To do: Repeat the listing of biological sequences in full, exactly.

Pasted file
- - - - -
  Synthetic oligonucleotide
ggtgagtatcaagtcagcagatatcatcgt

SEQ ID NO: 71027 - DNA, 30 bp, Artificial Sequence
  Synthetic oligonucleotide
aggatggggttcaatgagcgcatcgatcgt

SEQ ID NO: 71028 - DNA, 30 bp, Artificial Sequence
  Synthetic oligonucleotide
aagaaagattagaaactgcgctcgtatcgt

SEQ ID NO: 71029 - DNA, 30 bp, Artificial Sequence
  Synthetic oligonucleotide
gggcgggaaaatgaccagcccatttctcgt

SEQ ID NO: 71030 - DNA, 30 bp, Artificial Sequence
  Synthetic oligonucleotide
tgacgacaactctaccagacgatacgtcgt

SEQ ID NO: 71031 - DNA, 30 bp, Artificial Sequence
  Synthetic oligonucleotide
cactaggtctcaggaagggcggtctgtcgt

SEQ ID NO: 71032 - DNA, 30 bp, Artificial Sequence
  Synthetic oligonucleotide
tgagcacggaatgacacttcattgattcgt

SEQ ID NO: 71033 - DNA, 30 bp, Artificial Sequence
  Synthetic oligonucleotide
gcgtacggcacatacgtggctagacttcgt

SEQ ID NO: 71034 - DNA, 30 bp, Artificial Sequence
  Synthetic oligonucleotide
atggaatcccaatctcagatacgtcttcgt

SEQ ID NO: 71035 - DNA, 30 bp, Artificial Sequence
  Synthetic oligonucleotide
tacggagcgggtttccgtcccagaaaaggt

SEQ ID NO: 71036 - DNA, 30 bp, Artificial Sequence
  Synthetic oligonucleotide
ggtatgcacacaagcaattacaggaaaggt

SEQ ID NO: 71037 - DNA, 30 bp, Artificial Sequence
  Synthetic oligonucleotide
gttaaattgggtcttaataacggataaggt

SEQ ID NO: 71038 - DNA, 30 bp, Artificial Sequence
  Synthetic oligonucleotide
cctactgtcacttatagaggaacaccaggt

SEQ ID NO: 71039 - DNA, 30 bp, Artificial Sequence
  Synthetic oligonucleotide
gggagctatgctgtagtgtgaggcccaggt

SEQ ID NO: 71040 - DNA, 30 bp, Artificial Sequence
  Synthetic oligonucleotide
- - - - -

  Synthetic oligonucleotide
ggtgagtatcaagtcagcagatatcatcgt

SEQ ID NO: 71027 - DNA, 30 bp, Artificial Sequence
  Synthetic oligonucleotide
aggatggggttcaatgagcgcatcgatcgt

SEQ ID NO: 71028 - DNA, 30 bp, Artificial Sequence
  Synthetic oligonucleotide
aagaaagattagaaactgcgctcgtatcgt

SEQ ID NO: 71029 - DNA, 30 bp, Artificial Sequence
  Synthetic oligonucleotide
gggcgggaaaatgaccagcccatttctcgt

SEQ ID NO: 71030 - DNA, 30 bp, Artificial Sequence
  Synthetic oligonucleotide
tgacgacaactctaccagacgatacgtcgt

SEQ ID NO: 71031 - DNA, 30 bp, Artificial Sequence
  Synthetic oligonucleotide
cactaggtctcaggaagggcggtctgtcgt

SEQ ID NO: 71032 - DNA, 30 bp, Artificial Sequence
  Synthetic oligonucleotide
tgagcacggaatgacacttcattgattcgt

SEQ ID NO: 71033 - DNA, 30 bp, Artificial Sequence
  Synthetic oligonucleotide
gcgtacggcacatacgtggctagacttcgt

SEQ ID NO: 71034 - DNA, 30 bp, Artificial Sequence
  Synthetic oligonucleotide
atggaatcccaatctcagatacgtcttcgt

SEQ ID NO: 71035 - DNA, 30 bp, Artificial Sequence
  Synthetic oligonucleotide
tacggagcgggtttccgtcccagaaaaggt

SEQ ID NO: 71036 - DNA, 30 bp, Artificial Sequence
  Synthetic oligonucleotide
ggtatgcacacaagcaattacaggaaaggt

SEQ ID NO: 71037 - DNA, 30 bp, Artificial Sequence
  Synthetic oligonucleotide
gttaaattgggtcttaataacggataaggt

SEQ ID NO: 71038 - DNA, 30 bp, Artificial Sequence
  Synthetic oligonucleotide
cctactgtcacttatagaggaacaccaggt

SEQ ID NO: 71039 - DNA, 30 bp, Artificial Sequence
  Synthetic oligonucleotide
gggagctatgctgtagtgtgaggcccaggt

SEQ ID NO: 71040 - DNA, 30 bp, Artificial Sequence
  Synthetic oligonucleotide